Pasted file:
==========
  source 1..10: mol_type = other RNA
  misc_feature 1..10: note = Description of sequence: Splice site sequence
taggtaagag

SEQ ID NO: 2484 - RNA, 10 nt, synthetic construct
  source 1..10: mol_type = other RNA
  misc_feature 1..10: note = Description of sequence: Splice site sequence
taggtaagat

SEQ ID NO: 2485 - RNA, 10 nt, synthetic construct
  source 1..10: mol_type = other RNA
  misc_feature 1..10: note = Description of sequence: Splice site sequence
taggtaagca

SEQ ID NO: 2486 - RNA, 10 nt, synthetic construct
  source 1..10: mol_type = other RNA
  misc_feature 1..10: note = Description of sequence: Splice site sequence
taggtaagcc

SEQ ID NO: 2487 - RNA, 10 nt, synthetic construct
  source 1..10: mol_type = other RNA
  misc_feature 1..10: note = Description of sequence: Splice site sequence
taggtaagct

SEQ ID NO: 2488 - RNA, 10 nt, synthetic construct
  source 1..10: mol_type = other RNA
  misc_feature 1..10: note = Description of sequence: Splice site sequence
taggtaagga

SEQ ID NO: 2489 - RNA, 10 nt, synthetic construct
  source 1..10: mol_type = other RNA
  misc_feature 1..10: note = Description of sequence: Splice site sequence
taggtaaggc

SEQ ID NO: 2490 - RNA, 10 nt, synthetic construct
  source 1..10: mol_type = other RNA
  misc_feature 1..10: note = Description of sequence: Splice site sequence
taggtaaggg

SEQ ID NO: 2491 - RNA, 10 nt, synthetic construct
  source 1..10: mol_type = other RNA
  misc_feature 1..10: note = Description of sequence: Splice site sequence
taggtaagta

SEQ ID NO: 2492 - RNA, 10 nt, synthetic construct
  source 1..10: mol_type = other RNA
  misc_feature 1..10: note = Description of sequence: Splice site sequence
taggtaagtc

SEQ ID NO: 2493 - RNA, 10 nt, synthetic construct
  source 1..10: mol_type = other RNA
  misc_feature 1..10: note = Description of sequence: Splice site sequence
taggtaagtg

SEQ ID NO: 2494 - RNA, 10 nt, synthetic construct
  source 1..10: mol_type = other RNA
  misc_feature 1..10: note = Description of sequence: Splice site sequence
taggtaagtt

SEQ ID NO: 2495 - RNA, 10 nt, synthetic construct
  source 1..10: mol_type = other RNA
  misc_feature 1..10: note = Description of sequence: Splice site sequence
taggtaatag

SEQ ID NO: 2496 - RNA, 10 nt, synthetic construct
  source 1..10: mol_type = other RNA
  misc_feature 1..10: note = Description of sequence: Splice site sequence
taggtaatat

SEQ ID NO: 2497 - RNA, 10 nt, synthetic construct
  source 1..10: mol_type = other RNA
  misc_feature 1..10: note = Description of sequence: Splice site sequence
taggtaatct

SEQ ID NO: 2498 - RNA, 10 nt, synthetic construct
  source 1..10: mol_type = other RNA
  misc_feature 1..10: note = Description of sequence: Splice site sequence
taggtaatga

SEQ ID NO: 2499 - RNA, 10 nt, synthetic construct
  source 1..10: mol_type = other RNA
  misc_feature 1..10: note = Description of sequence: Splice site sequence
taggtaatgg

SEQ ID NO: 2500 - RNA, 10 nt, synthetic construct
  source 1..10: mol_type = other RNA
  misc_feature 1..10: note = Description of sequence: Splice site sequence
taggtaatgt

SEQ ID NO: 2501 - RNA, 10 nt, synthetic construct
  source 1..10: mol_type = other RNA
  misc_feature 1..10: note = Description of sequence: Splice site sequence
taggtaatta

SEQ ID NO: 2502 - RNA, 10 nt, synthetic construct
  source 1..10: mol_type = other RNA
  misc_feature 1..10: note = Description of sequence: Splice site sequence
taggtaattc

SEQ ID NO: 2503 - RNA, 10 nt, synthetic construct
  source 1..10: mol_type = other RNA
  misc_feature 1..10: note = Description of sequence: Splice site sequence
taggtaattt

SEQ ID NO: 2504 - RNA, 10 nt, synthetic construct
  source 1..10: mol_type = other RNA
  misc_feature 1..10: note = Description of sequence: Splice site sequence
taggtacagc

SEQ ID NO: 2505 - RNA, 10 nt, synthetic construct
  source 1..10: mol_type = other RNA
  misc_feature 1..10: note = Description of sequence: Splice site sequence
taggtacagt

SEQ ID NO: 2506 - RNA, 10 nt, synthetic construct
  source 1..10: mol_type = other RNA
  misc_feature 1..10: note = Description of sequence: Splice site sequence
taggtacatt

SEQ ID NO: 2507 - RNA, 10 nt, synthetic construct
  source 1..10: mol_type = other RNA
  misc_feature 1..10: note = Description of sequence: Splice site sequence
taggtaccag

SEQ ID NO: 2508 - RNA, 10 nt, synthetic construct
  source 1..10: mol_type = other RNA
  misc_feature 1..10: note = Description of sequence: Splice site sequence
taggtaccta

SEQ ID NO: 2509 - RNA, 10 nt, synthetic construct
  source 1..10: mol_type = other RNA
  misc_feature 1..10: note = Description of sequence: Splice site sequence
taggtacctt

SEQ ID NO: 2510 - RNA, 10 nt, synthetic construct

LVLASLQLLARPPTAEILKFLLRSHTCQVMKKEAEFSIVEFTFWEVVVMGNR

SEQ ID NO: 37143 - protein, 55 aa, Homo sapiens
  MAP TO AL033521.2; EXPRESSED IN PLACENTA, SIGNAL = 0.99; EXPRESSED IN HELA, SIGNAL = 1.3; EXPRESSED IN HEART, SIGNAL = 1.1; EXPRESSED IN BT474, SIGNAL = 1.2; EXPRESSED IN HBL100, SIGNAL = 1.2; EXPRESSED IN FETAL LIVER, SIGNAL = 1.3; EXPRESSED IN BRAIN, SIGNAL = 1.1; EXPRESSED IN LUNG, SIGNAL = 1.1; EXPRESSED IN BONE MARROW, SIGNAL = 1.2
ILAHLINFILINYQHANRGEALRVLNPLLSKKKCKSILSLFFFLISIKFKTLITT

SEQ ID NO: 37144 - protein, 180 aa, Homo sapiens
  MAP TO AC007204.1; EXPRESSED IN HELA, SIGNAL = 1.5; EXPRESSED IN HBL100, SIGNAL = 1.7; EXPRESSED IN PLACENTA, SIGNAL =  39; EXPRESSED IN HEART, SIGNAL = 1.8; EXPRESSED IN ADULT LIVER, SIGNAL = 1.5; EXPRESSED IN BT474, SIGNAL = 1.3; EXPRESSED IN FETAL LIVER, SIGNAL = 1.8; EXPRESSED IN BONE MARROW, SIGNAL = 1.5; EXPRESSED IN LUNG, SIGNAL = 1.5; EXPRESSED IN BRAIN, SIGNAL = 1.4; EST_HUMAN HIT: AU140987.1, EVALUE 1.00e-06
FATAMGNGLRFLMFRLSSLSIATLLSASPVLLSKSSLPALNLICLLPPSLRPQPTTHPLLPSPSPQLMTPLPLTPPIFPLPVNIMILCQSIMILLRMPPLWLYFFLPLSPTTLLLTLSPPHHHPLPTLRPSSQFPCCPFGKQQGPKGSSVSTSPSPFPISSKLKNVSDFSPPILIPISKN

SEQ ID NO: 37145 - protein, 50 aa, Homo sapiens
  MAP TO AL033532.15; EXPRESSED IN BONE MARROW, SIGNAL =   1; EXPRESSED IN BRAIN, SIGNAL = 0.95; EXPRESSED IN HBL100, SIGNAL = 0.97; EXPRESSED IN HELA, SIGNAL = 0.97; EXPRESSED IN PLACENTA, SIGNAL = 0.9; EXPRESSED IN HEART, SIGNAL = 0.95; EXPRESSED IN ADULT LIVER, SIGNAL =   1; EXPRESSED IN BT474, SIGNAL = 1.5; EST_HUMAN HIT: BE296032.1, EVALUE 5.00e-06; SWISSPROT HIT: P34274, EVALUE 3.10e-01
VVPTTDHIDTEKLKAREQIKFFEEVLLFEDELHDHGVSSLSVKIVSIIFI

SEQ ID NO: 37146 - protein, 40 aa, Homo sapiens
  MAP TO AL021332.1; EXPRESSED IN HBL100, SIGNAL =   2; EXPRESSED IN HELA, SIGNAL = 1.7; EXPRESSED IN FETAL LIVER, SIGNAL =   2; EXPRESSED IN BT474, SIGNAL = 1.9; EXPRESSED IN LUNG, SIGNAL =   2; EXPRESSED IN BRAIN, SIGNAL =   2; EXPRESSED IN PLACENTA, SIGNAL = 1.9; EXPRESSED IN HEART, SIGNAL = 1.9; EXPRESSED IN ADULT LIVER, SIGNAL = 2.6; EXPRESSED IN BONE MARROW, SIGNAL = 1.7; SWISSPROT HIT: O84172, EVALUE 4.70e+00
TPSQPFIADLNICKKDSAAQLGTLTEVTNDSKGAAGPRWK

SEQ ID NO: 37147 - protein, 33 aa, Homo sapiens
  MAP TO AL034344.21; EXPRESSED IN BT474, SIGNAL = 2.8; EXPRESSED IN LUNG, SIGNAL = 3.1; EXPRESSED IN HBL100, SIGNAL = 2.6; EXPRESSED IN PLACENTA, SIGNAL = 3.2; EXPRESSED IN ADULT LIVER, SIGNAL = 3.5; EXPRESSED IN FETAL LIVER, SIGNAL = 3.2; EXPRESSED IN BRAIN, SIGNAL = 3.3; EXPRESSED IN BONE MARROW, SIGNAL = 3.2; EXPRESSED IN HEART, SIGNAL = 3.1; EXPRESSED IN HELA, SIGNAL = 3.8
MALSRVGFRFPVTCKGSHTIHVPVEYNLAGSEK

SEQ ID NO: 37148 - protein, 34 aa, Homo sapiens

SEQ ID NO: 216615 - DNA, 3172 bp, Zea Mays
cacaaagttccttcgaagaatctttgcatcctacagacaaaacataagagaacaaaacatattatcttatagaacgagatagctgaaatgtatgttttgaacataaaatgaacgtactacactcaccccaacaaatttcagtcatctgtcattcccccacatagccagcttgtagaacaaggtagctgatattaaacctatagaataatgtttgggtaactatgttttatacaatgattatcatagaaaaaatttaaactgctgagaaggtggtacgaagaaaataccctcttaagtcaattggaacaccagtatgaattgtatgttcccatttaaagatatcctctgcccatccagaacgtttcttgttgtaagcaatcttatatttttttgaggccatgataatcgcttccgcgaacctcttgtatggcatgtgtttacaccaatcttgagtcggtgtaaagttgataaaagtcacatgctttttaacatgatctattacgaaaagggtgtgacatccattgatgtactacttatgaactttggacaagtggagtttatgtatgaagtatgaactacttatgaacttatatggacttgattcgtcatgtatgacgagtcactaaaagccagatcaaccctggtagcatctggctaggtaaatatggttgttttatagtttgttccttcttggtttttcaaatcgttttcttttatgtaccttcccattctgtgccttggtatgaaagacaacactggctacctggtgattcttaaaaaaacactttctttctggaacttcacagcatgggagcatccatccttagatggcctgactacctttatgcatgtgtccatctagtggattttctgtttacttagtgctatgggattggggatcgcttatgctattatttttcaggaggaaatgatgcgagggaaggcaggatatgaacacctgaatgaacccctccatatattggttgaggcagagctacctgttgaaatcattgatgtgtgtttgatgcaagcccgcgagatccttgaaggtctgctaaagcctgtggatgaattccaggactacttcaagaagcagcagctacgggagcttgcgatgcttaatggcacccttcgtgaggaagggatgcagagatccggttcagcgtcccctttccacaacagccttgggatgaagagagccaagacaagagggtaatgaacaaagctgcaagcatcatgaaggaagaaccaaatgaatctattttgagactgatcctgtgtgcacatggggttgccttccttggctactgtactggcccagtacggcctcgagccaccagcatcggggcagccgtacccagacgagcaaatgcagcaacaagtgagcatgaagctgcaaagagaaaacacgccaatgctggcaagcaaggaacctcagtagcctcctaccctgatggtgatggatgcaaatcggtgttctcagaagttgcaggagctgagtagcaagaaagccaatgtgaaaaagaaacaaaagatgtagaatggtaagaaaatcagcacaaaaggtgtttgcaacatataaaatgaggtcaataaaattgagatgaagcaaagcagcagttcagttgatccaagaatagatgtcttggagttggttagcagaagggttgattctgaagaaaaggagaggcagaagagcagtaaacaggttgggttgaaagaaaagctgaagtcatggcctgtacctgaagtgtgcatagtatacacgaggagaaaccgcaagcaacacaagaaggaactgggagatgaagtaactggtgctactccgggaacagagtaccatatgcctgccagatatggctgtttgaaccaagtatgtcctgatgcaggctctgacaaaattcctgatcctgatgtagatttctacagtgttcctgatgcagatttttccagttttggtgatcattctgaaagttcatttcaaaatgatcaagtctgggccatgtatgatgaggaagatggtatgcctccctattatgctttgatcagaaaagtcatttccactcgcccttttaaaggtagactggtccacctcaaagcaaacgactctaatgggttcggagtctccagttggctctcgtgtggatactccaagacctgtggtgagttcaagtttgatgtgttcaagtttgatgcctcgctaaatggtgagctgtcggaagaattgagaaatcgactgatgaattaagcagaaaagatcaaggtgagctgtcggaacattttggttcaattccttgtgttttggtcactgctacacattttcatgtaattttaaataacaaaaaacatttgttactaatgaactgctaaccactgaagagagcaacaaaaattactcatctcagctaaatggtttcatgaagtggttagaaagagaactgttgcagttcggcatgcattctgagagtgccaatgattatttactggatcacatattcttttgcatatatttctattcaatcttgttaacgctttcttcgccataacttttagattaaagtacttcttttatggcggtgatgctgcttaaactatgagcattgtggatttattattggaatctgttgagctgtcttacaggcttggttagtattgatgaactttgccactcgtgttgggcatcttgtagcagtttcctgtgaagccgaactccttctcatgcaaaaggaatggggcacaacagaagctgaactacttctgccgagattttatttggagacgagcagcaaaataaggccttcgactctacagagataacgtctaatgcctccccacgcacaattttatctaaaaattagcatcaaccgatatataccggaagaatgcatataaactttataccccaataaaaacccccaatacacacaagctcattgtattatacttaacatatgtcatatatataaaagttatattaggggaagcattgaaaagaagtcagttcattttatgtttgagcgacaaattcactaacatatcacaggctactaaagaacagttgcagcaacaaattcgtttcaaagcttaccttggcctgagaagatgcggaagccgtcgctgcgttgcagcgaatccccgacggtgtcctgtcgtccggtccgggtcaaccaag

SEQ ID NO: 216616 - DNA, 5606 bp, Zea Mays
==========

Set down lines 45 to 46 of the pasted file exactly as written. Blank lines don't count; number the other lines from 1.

  source 1..10: mol_type = other RNA
  misc_feature 1..10: note = Description of sequence: Splice site sequence